In short, not full speed ahead on electrics, but at least half ahead. Perhaps the transition to electric, especially four wheels, will not take place in 2035, it will certainly take a little longer, and there will probably be a long period of coexistence thanks to synthetic fuels, but certainly the interest of the industry is real. So real that Michelin, which equips the Ducati, will use high performance slick tires whose materials come 50% from renewable sources...and what sources: orange peel, fruit, flowers. This is truly science fiction, as confirmed by Philippe Jacquin, head of the Clermont Ferrand house.
"It is a technology that will cost less and less over the years and will allow us to produce ecological tires, without affecting environmental resources".
It is no coincidence that the presentation of the MotoE world championship took place on the Vallelunga circuit. Its Director, Alfredo Scala and his right-hand man Francesco Cassioli have transformed the track on the outskirts of Rome into a jewel of a racetrack that represents a pole of excellence in the pursuit of sustainable management policies and attention for the environment. Inside there are photovoltaic panels capable of producing 2 million kWh in a year, 30% more than the consumption of the entire Vallelunga complex. And in the paddock there are 10 Enel X Way electric charging stations and 4 electrified boxes that make Vallelunga the first Smart Racing Circuit in the world.
"The electrification of wheeled mobility is an important thing for the planet - concluded Francesco Starace, CEO of Enel - we don't sponsor a rider or a team, but a championship like this which is the best way to demonstrate how a technology is always better and the fact that it is used in racing confirms it as an applicable solution. Competition helps to improve materials and solutions and make them more efficient, easier to use and more common in daily use, a very effective way of accelerating technologies" .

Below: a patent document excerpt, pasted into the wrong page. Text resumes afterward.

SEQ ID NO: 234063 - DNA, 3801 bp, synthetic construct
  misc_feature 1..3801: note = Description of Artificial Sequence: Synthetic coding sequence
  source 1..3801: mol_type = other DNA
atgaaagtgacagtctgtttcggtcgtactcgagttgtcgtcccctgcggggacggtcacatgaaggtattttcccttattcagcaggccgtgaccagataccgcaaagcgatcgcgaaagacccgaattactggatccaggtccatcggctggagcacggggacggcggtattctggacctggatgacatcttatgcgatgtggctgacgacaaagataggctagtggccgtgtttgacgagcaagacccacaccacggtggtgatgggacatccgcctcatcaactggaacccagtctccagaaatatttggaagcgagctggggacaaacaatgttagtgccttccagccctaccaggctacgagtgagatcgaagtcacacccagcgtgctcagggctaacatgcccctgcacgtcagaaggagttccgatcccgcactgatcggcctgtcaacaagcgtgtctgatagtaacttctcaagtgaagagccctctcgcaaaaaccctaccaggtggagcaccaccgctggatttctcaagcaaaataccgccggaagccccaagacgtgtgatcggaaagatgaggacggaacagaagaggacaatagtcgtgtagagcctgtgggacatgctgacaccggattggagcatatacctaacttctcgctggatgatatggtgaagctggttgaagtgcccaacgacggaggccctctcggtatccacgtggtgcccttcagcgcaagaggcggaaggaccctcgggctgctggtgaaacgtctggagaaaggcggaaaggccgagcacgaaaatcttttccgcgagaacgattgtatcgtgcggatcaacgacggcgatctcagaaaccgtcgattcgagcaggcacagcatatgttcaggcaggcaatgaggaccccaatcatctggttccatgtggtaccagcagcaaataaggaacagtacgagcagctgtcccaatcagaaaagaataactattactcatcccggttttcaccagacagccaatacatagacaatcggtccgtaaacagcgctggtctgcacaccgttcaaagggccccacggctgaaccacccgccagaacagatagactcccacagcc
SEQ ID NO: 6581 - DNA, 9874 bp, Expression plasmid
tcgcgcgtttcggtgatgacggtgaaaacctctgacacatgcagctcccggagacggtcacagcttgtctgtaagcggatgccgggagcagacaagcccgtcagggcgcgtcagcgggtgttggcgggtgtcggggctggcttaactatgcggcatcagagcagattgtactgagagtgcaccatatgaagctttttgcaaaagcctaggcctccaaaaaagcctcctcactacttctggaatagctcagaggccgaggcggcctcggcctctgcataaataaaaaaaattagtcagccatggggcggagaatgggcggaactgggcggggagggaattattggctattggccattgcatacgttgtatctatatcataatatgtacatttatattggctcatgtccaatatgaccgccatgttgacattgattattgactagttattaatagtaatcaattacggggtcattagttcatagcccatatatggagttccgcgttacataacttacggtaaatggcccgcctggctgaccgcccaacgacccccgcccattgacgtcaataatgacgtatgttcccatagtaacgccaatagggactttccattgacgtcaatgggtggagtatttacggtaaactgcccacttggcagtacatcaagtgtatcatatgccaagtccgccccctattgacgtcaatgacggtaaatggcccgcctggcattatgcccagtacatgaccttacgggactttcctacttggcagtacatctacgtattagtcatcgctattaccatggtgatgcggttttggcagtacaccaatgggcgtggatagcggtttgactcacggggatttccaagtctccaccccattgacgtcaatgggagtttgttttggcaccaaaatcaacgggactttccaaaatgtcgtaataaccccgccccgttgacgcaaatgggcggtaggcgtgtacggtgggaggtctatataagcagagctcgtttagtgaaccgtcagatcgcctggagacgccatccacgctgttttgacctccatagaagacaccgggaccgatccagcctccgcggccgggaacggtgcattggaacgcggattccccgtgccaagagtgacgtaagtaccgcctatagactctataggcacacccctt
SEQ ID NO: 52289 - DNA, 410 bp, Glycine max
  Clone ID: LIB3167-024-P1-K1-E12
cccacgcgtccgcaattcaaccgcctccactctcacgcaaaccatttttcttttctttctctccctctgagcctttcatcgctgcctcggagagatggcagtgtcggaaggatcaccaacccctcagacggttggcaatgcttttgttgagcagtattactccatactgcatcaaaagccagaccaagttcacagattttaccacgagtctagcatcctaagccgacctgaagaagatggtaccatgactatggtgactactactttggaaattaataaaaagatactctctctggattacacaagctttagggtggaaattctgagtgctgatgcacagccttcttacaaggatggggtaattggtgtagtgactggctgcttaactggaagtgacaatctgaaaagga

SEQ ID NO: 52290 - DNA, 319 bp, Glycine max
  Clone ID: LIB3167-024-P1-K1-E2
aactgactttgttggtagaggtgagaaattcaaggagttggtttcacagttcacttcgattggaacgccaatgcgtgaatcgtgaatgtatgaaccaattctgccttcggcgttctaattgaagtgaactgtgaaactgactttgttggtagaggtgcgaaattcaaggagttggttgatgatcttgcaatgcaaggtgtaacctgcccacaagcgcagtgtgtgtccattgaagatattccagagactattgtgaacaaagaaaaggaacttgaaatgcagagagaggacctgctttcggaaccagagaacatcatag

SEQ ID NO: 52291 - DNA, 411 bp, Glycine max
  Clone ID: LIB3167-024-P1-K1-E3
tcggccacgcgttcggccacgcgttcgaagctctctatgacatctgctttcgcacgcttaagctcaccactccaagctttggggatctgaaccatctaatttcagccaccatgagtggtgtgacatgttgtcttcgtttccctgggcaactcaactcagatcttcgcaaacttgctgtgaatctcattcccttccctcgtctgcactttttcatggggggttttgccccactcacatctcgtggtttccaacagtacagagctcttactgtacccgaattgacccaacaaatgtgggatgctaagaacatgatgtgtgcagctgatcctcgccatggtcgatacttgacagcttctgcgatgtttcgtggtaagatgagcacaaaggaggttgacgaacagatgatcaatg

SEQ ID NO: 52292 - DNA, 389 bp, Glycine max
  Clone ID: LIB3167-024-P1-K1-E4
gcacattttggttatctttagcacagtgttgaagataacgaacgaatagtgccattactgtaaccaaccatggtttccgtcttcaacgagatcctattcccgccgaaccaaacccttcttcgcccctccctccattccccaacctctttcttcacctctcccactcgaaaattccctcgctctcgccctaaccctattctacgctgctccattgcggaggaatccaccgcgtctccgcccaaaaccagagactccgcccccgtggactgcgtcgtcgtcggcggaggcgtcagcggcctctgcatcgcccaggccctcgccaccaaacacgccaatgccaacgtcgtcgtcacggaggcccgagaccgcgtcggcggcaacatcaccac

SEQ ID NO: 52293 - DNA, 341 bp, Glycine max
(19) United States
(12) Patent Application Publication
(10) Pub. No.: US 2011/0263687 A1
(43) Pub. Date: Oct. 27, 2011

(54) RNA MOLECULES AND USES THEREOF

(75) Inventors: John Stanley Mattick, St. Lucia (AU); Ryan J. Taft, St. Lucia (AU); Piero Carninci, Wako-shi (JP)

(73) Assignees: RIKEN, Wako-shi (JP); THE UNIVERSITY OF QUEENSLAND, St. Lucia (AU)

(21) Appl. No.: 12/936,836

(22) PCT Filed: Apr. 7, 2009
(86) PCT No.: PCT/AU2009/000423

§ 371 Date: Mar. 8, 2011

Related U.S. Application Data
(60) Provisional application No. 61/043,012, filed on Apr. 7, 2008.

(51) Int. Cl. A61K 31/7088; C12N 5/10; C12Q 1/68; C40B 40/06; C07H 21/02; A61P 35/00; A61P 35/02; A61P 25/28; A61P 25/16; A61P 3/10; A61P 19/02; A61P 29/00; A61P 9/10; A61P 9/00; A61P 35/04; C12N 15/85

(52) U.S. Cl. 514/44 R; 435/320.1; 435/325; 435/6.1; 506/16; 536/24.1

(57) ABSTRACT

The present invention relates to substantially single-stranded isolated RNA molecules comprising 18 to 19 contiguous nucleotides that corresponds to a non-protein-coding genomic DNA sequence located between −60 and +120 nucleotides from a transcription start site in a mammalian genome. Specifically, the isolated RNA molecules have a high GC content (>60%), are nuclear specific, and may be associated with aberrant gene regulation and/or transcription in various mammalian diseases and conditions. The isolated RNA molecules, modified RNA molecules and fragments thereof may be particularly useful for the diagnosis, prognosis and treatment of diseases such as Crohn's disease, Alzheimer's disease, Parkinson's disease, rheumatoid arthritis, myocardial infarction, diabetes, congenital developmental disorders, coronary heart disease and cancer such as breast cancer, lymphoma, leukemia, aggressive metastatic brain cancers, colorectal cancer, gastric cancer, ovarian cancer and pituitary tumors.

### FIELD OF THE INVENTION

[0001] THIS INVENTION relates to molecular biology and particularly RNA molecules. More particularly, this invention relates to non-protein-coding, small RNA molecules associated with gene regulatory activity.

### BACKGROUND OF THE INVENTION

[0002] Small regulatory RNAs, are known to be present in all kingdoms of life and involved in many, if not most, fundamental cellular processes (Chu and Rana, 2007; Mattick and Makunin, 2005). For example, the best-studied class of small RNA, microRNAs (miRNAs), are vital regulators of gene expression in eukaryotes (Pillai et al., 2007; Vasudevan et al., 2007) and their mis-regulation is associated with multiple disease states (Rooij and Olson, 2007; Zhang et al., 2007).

One last detail that adds a touch of humanity and Bolognese spirit to this future.
"One day some MotoE project engineers came to me and said: we have decided that every MotoE produced must have a female name", concluded Domenicali.
The number 01 that was exhibited in Vallelunga is called 'Hope'.
After the first official tests at Jerez at the beginning of March, the world championship series will once again see all the riders on track at Barcelona on 3-5 April before the series then officially gets underway on May 13 with the French Grand Prix at Le Mans. The calendar then includes Mugello (June 10), Sachsenring (June 17) and Assen (June 24). After the summer break, the Ducati MotoE bikes will be back on track at Silverstone on August 5, before facing the three final Grands Prix at the Red Bull Ring (August 19), Catalunya (September 2) and Misano (September 9). HERE IS THE CALENDAR.
In the cover photo: Carmelo Ezpeleta, CEO of Dorna Sports, Francesco Starace, CEO of Enel, Elisabetta Ripa, CEO of Enel X Way, Claudio Domenicali, CEO of Ducati Motor, Giovanni Copioli, FIM Vice President